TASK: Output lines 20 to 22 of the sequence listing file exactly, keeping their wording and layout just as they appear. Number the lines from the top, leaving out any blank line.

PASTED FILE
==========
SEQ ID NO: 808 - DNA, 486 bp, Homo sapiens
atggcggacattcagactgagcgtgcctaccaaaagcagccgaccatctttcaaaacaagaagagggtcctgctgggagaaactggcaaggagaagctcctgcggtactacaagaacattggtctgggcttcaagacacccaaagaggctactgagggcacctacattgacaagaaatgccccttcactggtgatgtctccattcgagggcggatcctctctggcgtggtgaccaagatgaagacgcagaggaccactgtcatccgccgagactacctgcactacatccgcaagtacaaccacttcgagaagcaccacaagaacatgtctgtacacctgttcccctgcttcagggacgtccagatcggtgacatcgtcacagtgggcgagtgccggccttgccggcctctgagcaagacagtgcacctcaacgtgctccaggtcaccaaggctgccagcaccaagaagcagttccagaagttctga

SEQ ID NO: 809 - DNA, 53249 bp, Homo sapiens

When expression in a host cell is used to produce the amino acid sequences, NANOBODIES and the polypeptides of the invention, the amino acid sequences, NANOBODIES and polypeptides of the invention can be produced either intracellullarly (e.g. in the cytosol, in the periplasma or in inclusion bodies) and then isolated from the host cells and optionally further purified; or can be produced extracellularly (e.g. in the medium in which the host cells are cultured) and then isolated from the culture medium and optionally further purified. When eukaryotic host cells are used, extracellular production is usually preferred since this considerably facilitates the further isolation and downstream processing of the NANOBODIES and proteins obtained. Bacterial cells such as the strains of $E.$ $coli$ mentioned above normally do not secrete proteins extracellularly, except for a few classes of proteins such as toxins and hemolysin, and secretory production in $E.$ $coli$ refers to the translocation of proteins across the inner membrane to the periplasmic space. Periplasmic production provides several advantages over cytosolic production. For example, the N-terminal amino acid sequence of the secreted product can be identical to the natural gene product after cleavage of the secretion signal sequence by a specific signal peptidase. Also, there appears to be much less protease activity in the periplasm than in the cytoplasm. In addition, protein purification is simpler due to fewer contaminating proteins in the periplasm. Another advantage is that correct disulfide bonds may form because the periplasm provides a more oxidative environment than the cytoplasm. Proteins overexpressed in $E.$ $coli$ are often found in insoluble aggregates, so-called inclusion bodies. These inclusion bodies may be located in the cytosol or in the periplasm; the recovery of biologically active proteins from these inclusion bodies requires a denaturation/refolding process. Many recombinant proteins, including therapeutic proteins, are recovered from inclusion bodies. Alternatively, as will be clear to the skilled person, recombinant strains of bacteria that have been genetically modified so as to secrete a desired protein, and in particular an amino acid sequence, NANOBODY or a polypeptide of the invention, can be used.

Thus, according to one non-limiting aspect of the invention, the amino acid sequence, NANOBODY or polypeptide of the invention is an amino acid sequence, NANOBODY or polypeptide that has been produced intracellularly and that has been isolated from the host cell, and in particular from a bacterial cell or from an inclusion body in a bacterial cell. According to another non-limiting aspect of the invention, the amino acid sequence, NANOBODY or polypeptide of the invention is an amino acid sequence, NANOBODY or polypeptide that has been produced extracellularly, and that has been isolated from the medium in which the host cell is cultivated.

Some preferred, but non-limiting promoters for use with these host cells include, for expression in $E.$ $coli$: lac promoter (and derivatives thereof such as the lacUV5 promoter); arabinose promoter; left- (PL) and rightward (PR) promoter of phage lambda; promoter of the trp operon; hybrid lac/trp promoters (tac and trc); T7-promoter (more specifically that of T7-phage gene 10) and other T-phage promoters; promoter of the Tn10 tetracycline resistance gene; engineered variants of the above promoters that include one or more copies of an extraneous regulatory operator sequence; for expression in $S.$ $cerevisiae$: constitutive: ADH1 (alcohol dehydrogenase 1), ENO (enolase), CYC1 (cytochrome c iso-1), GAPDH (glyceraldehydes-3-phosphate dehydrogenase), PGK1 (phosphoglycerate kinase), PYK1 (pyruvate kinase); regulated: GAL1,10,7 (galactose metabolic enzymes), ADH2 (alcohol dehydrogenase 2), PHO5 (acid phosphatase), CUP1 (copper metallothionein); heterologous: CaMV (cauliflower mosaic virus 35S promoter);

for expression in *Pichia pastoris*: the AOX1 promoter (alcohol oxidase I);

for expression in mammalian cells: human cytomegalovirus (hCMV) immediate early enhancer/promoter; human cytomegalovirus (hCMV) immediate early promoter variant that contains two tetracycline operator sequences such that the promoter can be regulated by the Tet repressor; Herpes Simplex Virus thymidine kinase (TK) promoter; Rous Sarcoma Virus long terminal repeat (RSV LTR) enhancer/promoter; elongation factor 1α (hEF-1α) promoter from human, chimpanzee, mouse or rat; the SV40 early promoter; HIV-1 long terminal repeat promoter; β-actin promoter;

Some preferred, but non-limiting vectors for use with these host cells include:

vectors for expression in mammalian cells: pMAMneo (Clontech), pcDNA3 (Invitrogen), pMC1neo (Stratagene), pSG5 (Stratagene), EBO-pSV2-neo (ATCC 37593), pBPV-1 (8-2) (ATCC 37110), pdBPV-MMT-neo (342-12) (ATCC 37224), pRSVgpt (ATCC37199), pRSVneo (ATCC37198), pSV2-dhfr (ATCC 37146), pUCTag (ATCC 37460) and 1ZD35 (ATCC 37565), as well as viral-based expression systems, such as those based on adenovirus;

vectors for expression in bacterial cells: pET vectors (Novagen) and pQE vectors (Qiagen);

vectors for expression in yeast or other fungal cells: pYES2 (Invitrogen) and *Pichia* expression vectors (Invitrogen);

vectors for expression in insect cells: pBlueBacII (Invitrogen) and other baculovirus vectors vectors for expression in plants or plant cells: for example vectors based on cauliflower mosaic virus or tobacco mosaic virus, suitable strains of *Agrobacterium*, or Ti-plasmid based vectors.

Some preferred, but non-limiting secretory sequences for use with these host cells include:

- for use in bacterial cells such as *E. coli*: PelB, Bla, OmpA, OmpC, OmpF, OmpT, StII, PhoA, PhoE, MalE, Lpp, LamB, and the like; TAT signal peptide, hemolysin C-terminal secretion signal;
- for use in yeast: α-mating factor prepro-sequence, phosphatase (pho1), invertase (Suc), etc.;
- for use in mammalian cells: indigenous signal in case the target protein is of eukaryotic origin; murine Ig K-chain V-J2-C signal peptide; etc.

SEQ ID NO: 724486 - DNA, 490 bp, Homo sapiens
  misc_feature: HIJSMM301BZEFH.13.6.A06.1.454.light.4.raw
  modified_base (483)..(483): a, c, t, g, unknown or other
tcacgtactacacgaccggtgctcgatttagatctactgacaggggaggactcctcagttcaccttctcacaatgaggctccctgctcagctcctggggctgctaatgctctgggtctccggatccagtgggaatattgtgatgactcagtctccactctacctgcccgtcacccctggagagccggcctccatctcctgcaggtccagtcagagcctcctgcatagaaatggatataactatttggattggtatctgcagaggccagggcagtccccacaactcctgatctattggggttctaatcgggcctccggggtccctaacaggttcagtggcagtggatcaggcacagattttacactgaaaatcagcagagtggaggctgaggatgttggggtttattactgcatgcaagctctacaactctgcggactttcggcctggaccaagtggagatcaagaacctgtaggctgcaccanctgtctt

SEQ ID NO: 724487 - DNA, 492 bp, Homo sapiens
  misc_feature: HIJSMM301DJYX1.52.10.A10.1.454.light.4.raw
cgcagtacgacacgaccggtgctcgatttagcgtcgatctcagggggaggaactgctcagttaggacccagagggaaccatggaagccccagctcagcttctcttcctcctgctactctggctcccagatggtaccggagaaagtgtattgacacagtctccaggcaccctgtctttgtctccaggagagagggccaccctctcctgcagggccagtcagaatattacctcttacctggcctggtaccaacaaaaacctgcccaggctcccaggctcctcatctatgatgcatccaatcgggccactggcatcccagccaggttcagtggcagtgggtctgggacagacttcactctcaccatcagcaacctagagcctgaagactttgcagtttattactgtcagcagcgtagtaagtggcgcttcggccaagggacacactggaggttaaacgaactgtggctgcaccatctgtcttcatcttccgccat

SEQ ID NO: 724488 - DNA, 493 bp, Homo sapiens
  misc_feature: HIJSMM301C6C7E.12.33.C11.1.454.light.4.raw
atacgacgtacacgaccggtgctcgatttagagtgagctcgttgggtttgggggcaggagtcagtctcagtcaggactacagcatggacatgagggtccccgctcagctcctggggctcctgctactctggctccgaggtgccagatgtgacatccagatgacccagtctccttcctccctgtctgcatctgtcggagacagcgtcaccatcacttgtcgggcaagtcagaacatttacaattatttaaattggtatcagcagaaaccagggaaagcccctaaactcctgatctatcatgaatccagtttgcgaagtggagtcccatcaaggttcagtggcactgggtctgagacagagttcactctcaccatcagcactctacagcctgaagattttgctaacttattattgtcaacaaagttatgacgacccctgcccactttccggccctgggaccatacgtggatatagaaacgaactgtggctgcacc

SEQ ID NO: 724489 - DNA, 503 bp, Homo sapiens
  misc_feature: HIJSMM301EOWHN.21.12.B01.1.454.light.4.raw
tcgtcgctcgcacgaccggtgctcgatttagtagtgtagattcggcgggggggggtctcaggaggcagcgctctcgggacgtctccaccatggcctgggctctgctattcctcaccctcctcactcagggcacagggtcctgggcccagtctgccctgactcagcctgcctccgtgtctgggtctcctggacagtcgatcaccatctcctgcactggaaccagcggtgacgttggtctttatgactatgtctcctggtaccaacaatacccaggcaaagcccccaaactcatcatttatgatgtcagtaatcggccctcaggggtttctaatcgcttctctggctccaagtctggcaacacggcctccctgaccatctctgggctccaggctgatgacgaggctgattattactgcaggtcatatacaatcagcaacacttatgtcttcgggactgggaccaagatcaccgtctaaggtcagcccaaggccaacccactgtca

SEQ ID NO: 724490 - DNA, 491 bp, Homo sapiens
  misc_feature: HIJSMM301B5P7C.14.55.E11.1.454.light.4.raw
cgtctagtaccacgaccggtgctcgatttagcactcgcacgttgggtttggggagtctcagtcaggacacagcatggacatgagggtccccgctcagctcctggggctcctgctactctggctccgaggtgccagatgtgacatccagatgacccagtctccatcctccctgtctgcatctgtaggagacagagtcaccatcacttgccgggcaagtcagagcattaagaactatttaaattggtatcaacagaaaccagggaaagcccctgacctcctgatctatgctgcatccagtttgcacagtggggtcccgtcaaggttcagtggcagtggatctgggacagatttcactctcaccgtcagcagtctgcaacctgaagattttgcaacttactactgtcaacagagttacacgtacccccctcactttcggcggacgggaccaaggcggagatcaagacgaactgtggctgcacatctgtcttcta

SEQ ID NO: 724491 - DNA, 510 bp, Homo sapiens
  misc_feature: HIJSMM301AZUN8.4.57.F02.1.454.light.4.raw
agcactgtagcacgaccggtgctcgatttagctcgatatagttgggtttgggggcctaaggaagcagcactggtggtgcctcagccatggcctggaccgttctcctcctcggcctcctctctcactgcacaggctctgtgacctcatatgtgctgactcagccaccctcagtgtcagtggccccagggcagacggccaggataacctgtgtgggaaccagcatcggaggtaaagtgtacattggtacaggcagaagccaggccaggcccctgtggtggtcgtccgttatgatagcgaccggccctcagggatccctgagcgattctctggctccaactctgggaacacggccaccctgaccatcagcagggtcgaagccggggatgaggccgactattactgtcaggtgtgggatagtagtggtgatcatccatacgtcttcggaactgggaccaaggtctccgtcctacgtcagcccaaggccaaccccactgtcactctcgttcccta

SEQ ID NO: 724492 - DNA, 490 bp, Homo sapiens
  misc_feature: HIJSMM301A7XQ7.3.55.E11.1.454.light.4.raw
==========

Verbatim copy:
  modified_base (483)..(483): a, c, t, g, unknown or other
tcacgtactacacgaccggtgctcgatttagatctactgacaggggaggactcctcagttcaccttctcacaatgaggctccctgctcagctcctggggctgctaatgctctgggtctccggatccagtgggaatattgtgatgactcagtctccactctacctgcccgtcacccctggagagccggcctccatctcctgcaggtccagtcagagcctcctgcatagaaatggatataactatttggattggtatctgcagaggccagggcagtccccacaactcctgatctattggggttctaatcgggcctccggggtccctaacaggttcagtggcagtggatcaggcacagattttacactgaaaatcagcagagtggaggctgaggatgttggggtttattactgcatgcaagctctacaactctgcggactttcggcctggaccaagtggagatcaagaacctgtaggctgcaccanctgtctt

SEQ ID NO: 724487 - DNA, 492 bp, Homo sapiens